Jersey Boys & Girls

The simple fact of riding together creates something that no account can adequately describe. Riding your bike, especially when everything clicks—excellent weather, a smooth running machine recently overhauled, the freedom away from work and home responsibilities—is a joy. But riding with friends adds another specialness that compounds the magic of a few hours on two wheels. Such was last month’s Jersey Ride. A wet spring gave way to brilliant sun and a crisp spring air. A beautiful riding day emerged after surprising spring rains and eleven of showed up for the venerable monthly club run to Tiburon.
It was a mixed crowd too—David Gaus and Peter Phares from the South Bay, Roger and I from the East Bay, and the rest from SF. It was mixed in another way too: we had two e-bikes present. For years Roger was the only member sporting an e-bike; a couple of years later the Den Daddy—who is, I believe, turning 87 this year—got one. Now Zach showed up with some uncertainty as to whether he’d be able to “keep up” on his new e-bike. He must have gotten an affirmative because he’s since become a Spoker. (Rumor has it that another Spoker, who lives in the East Bay and will remain nameless, has been gifted an e-bike! That’s make four, but who’s counting?)
It’s apparently becoming more the standard route to Tiburon for the Jersey Ride: we took the Corte Madera-Larkspur Multi-Use Path through Corte Madera instead of the road. That path didn’t exist back in the day and it’s a much more peaceful way to get to Paradise Drive. Everybody kept calling it “Nancy’s way” since she was the first person to take the Jersey Ride there. That and no one knowing its real name.
I guess enough decades have passed that Tiburon has finally decided to pour some cash into road repair because another section of Paradise Drive has been repaved into buttery smooth asphalt. If only the entire length were redone… But the ugly cracks and Frankenstein-like patches are steadily (and slowly) giving way to a more bike-friendly conveyance!
We mostly stayed together until we got to Paradise when Will Bir vanished into the distance and everyone spread out and handled Paradise at their own pace. We regathered at the Woodlands Market for lunch and enjoyed the warm sun on its deck. Did you know you can get pad thai-in-a-box at Woodlands? No one blinked an eye—god, do we live in a bubble. We had a nice, long lunch filled with aimless but enchanting chatter. Someone voiced the idea of going to Belvedere but when an actual vote was taken, almost no one wanted to head out that way either because been-there-done-that or the thought of a feisty climb right after lunch didn’t settle well on the stomach. So we all headed back at a reasonable pace. We rode back on Tiburon Blvd, which isn’t my fave—I prefer heading through Strawberry—and boy, has the car traffic grown. It was bumper-to-bumper from 101 to Camino Alto. We took Ashford and Lomita to get away from the cars and what do we get? Cars cutting that way too and getting pissed that they’re behind cyclists. Life is tough, isn’t it?
As is wont everyone spread out on Alexander, things not being helped by a ferocious wind. The bridge was pretty hectic and crazy as usual but nobody got hit. I did get passed by two groups of freds in full Rapha-mode. Seriously, you pass cyclists on the GG Bridge when there is oncoming traffic?? I’m so done with idiotic risky riding.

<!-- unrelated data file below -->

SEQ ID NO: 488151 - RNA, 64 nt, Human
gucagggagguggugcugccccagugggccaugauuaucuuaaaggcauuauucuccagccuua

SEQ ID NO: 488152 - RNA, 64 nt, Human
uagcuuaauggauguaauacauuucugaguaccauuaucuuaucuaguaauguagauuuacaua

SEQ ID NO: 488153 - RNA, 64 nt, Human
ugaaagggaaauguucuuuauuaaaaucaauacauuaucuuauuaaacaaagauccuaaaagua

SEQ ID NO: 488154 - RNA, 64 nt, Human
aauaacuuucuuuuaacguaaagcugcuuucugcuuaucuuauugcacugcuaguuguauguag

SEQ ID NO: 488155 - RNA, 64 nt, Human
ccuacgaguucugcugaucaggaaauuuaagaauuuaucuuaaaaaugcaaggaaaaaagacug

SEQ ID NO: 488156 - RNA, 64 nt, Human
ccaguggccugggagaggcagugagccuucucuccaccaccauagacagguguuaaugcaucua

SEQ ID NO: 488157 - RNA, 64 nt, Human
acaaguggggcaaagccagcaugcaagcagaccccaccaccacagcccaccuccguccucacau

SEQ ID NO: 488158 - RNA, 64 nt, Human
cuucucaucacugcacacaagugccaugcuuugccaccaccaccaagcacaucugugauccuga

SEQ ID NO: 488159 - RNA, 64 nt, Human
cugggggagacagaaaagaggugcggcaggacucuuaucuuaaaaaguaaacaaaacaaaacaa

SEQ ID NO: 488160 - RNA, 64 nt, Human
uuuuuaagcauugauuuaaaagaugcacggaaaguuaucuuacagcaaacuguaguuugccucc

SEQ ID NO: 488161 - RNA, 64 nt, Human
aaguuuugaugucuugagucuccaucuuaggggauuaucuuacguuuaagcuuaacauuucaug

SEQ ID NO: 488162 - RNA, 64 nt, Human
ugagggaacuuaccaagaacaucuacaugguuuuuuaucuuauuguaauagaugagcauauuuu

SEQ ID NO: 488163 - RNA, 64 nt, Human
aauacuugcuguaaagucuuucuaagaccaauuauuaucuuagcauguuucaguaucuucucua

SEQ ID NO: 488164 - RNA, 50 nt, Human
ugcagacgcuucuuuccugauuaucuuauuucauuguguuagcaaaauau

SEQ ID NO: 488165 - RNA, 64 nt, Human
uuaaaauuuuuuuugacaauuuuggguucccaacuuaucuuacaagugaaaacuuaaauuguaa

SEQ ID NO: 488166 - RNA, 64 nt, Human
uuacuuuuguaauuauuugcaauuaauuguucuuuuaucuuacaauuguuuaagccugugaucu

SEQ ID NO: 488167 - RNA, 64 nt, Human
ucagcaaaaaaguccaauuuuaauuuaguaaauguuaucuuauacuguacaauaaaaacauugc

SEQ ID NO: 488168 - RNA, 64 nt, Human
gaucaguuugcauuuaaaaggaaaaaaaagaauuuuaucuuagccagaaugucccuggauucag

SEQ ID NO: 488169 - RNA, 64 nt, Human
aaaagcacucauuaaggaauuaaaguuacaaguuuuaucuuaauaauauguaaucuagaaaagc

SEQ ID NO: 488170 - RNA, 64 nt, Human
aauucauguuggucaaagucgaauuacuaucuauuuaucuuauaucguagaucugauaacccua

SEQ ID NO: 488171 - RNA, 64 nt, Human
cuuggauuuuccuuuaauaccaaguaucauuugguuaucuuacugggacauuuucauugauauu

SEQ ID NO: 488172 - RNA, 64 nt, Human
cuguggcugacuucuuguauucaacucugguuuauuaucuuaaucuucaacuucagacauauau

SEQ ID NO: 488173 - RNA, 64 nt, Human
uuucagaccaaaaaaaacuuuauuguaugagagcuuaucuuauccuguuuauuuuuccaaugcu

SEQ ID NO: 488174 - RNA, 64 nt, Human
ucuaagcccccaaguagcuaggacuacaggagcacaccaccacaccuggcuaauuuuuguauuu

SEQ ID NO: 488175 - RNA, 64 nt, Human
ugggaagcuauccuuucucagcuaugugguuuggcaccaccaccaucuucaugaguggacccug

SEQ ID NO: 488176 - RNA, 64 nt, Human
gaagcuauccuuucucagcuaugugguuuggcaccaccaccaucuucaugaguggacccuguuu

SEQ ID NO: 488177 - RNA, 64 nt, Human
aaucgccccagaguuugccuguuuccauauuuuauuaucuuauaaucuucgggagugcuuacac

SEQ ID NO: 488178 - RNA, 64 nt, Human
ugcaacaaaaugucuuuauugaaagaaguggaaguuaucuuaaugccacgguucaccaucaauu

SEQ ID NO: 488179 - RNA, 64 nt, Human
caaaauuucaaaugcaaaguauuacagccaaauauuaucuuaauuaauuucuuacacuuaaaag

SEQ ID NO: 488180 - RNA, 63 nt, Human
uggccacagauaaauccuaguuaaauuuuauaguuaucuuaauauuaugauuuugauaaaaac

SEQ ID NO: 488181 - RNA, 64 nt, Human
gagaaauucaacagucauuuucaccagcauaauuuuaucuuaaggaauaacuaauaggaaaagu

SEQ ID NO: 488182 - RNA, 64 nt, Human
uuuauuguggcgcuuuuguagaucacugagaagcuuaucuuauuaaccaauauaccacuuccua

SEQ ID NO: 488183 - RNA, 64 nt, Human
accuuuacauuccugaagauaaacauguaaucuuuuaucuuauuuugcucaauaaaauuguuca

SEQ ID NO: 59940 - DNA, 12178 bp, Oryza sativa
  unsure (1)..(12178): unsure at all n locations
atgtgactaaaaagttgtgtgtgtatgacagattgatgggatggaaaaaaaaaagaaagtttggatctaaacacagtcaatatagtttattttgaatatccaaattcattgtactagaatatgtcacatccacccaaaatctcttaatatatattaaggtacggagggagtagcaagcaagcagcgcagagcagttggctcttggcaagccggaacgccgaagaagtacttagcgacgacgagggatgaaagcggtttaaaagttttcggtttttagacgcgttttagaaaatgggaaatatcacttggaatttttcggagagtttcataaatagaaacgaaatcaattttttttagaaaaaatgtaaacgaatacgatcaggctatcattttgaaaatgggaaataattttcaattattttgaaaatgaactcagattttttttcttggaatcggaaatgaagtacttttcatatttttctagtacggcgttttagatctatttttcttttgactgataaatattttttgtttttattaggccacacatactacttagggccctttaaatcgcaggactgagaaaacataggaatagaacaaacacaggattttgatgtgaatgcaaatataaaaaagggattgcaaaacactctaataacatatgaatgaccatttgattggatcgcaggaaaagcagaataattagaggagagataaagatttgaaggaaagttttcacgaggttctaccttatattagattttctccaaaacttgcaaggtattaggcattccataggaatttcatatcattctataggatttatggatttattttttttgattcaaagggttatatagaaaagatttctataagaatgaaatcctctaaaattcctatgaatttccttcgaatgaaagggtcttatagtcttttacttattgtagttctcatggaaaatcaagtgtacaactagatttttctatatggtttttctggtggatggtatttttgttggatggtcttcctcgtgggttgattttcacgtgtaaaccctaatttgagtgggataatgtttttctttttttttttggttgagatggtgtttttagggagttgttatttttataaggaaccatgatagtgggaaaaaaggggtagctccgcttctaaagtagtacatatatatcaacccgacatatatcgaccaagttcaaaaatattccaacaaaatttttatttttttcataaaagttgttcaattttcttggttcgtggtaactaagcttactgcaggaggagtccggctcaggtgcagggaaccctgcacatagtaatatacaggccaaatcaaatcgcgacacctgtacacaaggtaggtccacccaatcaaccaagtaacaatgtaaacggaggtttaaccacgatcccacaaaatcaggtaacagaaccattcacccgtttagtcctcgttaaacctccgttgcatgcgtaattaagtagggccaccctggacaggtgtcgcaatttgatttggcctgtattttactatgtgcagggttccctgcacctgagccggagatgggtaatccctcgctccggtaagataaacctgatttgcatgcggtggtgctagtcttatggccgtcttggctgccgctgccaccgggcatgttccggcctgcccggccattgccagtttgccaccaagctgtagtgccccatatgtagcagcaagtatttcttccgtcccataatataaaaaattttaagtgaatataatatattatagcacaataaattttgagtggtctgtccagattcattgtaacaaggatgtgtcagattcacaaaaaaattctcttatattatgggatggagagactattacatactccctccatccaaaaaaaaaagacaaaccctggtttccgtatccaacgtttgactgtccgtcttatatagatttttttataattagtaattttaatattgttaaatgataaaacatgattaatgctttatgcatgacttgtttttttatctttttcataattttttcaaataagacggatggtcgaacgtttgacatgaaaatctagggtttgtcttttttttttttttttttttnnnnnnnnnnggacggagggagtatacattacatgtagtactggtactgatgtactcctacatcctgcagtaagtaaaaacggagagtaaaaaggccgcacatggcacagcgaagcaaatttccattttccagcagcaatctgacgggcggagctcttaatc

The weather was near-perfect, the company delightful, no one got flats or crashed. It’s enough to make you come out even on a Jersey Ride!

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Fun With Road Tubeless Tires, Part 5

Get plugged!

It’s been seven months since my last “lesson” in managing road tubeless tires. In many ways I’m glad I’m not a “fast” learner and I appreciate that my lessons are coming at long intervals rather than all at once since my lessons have always been hands-on, at inopportune times, and involved a lot of swearing and consternation. On the other hand the see-no-evil philosophy of bike care, for which I have great fondness, in the long run leads to more inconvenience. So there you go.

This time I decided to do a little preemptive maintenance and ended up learning something profitable. How many of us check our tires before or after a ride? It’s one of those items that is inevitably included in handy-dandy lists for beginners in Bicycling magazine (which they reprint practically every year). Yeah, me too—there is no way in hell I’m going to be that diligent after climbing up the hill to the manse. After doing a one-mile 10% grade at the end of a long ride, I’m not thinking a lot about how my tires are doing. Not flat? Great—throw the bike in the corner for the next ride. But this time Roger warned me that I had ridden through a big honking pile of glass. Uncharacteristically I hadn’t seen it, and even more uncharacteristically after having been told I had just piled through a splatterfest of future tire flatness I didn’t bother to wipe my tires down. They’re not flat? Great, dodged that bullet and keep on riding. But after returning home despite my innate lethargy and diminished mental capacity due to climbing El Toyonal, I thought I should check them just to be sure I wasn’t going to have a surprise the next time I rode.

The front was fine but the rear tire had something embedded towards the sidewall. I tried to dig it out and it turned out to be a dried plug of sealant. Pop! and the tire started to deflate. I immediately spun the tire so the hole was facing down and sure enough, a spray of Orange Seal came out and shortly thereafter stopped. No problem! Just wait to let it seal up…